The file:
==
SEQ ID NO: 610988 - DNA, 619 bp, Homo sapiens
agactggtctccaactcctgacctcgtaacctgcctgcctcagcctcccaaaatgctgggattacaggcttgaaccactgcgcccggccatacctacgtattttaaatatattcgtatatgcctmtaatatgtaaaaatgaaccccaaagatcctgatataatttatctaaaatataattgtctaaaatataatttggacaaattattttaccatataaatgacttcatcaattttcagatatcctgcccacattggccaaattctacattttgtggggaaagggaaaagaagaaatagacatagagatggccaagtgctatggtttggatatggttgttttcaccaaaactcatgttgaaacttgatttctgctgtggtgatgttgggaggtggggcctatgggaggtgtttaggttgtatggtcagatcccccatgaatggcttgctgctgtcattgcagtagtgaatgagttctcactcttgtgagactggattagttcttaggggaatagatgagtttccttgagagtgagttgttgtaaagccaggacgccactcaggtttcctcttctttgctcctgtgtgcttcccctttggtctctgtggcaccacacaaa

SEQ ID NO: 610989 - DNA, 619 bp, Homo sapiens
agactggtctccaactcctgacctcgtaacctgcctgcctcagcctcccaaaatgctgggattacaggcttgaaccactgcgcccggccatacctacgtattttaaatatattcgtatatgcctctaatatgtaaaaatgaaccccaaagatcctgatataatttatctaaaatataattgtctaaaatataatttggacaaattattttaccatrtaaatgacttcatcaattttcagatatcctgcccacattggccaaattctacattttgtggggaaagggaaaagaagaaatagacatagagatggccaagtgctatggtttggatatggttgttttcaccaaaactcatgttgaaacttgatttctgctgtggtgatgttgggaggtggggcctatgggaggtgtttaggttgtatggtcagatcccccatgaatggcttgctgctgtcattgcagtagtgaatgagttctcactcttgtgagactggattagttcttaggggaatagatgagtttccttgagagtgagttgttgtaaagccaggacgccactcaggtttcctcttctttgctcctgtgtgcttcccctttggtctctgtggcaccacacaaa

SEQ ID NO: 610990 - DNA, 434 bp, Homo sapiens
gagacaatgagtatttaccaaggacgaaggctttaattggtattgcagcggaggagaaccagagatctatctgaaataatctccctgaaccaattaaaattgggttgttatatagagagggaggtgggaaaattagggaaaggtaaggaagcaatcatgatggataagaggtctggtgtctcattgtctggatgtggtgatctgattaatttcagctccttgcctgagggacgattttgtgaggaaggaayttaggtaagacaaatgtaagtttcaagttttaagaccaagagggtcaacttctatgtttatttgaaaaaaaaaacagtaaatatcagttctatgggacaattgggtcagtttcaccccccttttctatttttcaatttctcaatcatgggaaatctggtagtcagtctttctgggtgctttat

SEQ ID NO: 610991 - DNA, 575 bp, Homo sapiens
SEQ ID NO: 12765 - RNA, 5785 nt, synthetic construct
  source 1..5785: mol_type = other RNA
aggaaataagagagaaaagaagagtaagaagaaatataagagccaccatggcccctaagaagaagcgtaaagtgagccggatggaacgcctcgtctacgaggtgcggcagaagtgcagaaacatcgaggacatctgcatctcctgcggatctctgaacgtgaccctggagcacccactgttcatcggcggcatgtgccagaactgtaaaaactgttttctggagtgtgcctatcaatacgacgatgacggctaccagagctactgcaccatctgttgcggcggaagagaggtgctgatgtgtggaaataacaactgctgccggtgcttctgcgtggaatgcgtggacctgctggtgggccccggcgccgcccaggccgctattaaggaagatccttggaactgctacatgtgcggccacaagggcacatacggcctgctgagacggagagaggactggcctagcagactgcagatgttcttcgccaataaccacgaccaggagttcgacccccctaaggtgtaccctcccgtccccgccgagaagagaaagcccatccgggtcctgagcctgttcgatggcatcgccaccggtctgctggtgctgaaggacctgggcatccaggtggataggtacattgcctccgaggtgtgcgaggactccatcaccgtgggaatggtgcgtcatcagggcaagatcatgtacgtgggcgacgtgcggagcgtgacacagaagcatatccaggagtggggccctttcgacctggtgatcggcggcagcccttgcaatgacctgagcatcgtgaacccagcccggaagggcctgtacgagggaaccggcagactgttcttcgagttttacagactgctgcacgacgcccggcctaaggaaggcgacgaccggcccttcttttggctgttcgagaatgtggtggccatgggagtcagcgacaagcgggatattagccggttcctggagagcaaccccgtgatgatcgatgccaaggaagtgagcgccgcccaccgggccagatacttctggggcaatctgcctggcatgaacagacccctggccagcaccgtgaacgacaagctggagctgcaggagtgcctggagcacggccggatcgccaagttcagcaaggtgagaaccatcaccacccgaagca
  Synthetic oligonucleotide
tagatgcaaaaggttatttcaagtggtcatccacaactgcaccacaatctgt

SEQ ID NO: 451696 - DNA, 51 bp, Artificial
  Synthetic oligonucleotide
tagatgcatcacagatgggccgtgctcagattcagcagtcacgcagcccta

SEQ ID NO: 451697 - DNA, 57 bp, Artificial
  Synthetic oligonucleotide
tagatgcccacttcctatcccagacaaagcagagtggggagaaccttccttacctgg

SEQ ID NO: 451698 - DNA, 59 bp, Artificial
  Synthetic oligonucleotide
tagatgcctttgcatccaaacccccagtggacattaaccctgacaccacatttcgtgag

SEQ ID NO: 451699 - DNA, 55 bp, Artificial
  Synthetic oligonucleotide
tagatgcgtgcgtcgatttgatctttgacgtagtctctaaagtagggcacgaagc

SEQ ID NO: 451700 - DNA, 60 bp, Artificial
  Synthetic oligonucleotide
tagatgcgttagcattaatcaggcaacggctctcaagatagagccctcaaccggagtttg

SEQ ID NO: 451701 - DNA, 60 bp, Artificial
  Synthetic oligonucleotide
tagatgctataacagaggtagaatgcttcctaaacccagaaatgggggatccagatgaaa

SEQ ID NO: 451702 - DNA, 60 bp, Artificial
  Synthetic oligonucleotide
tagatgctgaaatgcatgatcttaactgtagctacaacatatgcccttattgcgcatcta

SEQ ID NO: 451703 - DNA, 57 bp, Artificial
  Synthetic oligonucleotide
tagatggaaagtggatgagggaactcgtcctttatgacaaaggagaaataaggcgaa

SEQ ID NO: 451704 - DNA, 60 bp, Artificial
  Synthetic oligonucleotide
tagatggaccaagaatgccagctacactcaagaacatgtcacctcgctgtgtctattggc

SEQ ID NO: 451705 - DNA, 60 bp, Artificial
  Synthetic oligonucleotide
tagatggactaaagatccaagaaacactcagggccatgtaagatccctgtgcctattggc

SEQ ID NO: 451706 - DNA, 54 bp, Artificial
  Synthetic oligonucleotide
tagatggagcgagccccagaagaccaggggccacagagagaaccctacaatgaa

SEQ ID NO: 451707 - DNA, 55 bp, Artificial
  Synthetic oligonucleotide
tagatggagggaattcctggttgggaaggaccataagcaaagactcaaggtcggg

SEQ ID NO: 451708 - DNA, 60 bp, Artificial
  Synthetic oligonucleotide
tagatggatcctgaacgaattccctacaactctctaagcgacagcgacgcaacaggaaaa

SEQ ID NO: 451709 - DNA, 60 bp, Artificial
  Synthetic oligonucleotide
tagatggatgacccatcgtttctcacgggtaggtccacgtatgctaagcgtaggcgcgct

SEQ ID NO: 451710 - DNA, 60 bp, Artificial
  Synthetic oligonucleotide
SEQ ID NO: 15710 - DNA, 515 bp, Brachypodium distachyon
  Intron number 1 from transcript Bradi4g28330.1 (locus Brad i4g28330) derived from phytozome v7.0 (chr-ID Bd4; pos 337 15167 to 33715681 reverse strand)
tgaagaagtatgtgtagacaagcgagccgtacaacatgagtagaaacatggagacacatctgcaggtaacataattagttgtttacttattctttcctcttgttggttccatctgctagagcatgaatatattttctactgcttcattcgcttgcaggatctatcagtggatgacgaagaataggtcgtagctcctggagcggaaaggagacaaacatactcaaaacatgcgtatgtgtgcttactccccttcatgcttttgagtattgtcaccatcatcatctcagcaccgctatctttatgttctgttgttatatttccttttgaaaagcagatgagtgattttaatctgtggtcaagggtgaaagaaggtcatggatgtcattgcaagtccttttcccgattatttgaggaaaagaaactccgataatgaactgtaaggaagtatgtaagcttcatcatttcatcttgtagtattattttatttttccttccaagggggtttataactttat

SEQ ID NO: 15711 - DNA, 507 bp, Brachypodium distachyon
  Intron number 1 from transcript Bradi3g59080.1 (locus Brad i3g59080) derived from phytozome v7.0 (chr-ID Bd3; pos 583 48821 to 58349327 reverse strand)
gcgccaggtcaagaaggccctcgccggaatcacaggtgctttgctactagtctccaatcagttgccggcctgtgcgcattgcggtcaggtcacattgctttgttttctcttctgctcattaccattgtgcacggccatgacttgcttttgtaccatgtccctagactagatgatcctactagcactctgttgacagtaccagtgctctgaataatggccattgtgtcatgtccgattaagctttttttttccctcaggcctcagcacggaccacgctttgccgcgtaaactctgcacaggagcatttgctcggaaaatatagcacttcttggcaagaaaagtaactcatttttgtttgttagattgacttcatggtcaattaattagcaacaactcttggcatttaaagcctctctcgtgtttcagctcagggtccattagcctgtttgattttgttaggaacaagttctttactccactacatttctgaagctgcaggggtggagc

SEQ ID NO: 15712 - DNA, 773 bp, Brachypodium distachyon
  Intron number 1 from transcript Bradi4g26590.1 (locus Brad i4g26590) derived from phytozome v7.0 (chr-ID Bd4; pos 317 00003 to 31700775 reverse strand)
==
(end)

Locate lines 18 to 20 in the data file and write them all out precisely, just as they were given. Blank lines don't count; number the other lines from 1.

tagatgcccacttcctatcccagacaaagcagagtggggagaaccttccttacctgg

SEQ ID NO: 451698 - DNA, 59 bp, Artificial
  Synthetic oligonucleotide